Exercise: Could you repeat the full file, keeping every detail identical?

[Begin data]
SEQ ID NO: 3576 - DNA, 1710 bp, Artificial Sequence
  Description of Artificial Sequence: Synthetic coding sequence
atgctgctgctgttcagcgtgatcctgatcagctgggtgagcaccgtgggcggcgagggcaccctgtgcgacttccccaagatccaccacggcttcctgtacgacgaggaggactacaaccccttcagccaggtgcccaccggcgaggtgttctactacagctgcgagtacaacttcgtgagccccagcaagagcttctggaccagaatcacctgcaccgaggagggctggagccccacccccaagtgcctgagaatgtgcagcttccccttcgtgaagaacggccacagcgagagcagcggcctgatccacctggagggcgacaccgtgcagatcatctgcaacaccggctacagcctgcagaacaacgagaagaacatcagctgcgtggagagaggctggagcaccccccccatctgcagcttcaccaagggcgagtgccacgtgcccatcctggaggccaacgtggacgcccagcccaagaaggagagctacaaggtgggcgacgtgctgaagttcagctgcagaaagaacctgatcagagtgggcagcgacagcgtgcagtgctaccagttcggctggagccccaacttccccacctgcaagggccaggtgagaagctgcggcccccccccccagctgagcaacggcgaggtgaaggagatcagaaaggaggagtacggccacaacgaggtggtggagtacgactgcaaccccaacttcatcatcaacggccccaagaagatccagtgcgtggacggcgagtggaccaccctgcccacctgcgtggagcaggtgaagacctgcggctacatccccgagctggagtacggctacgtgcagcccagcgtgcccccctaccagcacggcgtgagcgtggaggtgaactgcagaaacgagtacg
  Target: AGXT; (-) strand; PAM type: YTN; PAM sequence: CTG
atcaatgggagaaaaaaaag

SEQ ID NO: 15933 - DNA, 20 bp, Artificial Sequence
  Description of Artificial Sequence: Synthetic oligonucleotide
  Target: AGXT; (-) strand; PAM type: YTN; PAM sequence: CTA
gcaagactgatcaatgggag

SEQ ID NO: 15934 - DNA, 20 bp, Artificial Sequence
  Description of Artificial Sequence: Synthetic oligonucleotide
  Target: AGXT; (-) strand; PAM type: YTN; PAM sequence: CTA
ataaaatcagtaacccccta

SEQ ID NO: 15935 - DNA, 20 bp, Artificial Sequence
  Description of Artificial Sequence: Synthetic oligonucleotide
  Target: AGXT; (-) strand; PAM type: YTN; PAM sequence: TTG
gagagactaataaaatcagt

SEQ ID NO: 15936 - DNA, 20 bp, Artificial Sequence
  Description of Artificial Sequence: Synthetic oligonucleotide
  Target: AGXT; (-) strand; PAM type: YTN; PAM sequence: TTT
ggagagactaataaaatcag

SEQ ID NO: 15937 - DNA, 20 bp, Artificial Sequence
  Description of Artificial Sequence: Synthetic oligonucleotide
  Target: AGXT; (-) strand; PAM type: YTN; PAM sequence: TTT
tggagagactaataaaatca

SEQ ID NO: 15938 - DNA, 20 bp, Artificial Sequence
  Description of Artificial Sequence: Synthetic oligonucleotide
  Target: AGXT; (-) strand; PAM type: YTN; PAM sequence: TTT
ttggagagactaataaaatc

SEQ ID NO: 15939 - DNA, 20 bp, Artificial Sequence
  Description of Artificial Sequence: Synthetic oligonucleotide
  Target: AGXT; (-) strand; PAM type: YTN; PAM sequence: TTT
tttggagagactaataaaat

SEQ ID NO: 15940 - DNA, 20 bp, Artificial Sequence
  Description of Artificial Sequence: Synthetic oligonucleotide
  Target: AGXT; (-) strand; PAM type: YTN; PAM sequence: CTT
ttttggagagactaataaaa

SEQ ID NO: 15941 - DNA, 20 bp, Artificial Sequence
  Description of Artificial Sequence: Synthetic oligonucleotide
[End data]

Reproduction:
SEQ ID NO: 3576 - DNA, 1710 bp, Artificial Sequence
  Description of Artificial Sequence: Synthetic coding sequence
atgctgctgctgttcagcgtgatcctgatcagctgggtgagcaccgtgggcggcgagggcaccctgtgcgacttccccaagatccaccacggcttcctgtacgacgaggaggactacaaccccttcagccaggtgcccaccggcgaggtgttctactacagctgcgagtacaacttcgtgagccccagcaagagcttctggaccagaatcacctgcaccgaggagggctggagccccacccccaagtgcctgagaatgtgcagcttccccttcgtgaagaacggccacagcgagagcagcggcctgatccacctggagggcgacaccgtgcagatcatctgcaacaccggctacagcctgcagaacaacgagaagaacatcagctgcgtggagagaggctggagcaccccccccatctgcagcttcaccaagggcgagtgccacgtgcccatcctggaggccaacgtggacgcccagcccaagaaggagagctacaaggtgggcgacgtgctgaagttcagctgcagaaagaacctgatcagagtgggcagcgacagcgtgcagtgctaccagttcggctggagccccaacttccccacctgcaagggccaggtgagaagctgcggcccccccccccagctgagcaacggcgaggtgaaggagatcagaaaggaggagtacggccacaacgaggtggtggagtacgactgcaaccccaacttcatcatcaacggccccaagaagatccagtgcgtggacggcgagtggaccaccctgcccacctgcgtggagcaggtgaagacctgcggctacatccccgagctggagtacggctacgtgcagcccagcgtgcccccctaccagcacggcgtgagcgtggaggtgaactgcagaaacgagtacg
  Target: AGXT; (-) strand; PAM type: YTN; PAM sequence: CTG
atcaatgggagaaaaaaaag

SEQ ID NO: 15933 - DNA, 20 bp, Artificial Sequence
  Description of Artificial Sequence: Synthetic oligonucleotide
  Target: AGXT; (-) strand; PAM type: YTN; PAM sequence: CTA
gcaagactgatcaatgggag

SEQ ID NO: 15934 - DNA, 20 bp, Artificial Sequence
  Description of Artificial Sequence: Synthetic oligonucleotide
  Target: AGXT; (-) strand; PAM type: YTN; PAM sequence: CTA
ataaaatcagtaacccccta

SEQ ID NO: 15935 - DNA, 20 bp, Artificial Sequence
  Description of Artificial Sequence: Synthetic oligonucleotide
  Target: AGXT; (-) strand; PAM type: YTN; PAM sequence: TTG
gagagactaataaaatcagt

SEQ ID NO: 15936 - DNA, 20 bp, Artificial Sequence
  Description of Artificial Sequence: Synthetic oligonucleotide
  Target: AGXT; (-) strand; PAM type: YTN; PAM sequence: TTT
ggagagactaataaaatcag

SEQ ID NO: 15937 - DNA, 20 bp, Artificial Sequence
  Description of Artificial Sequence: Synthetic oligonucleotide
  Target: AGXT; (-) strand; PAM type: YTN; PAM sequence: TTT
tggagagactaataaaatca

SEQ ID NO: 15938 - DNA, 20 bp, Artificial Sequence
  Description of Artificial Sequence: Synthetic oligonucleotide
  Target: AGXT; (-) strand; PAM type: YTN; PAM sequence: TTT
ttggagagactaataaaatc

SEQ ID NO: 15939 - DNA, 20 bp, Artificial Sequence
  Description of Artificial Sequence: Synthetic oligonucleotide
  Target: AGXT; (-) strand; PAM type: YTN; PAM sequence: TTT
tttggagagactaataaaat

SEQ ID NO: 15940 - DNA, 20 bp, Artificial Sequence
  Description of Artificial Sequence: Synthetic oligonucleotide
  Target: AGXT; (-) strand; PAM type: YTN; PAM sequence: CTT
ttttggagagactaataaaa

SEQ ID NO: 15941 - DNA, 20 bp, Artificial Sequence
  Description of Artificial Sequence: Synthetic oligonucleotide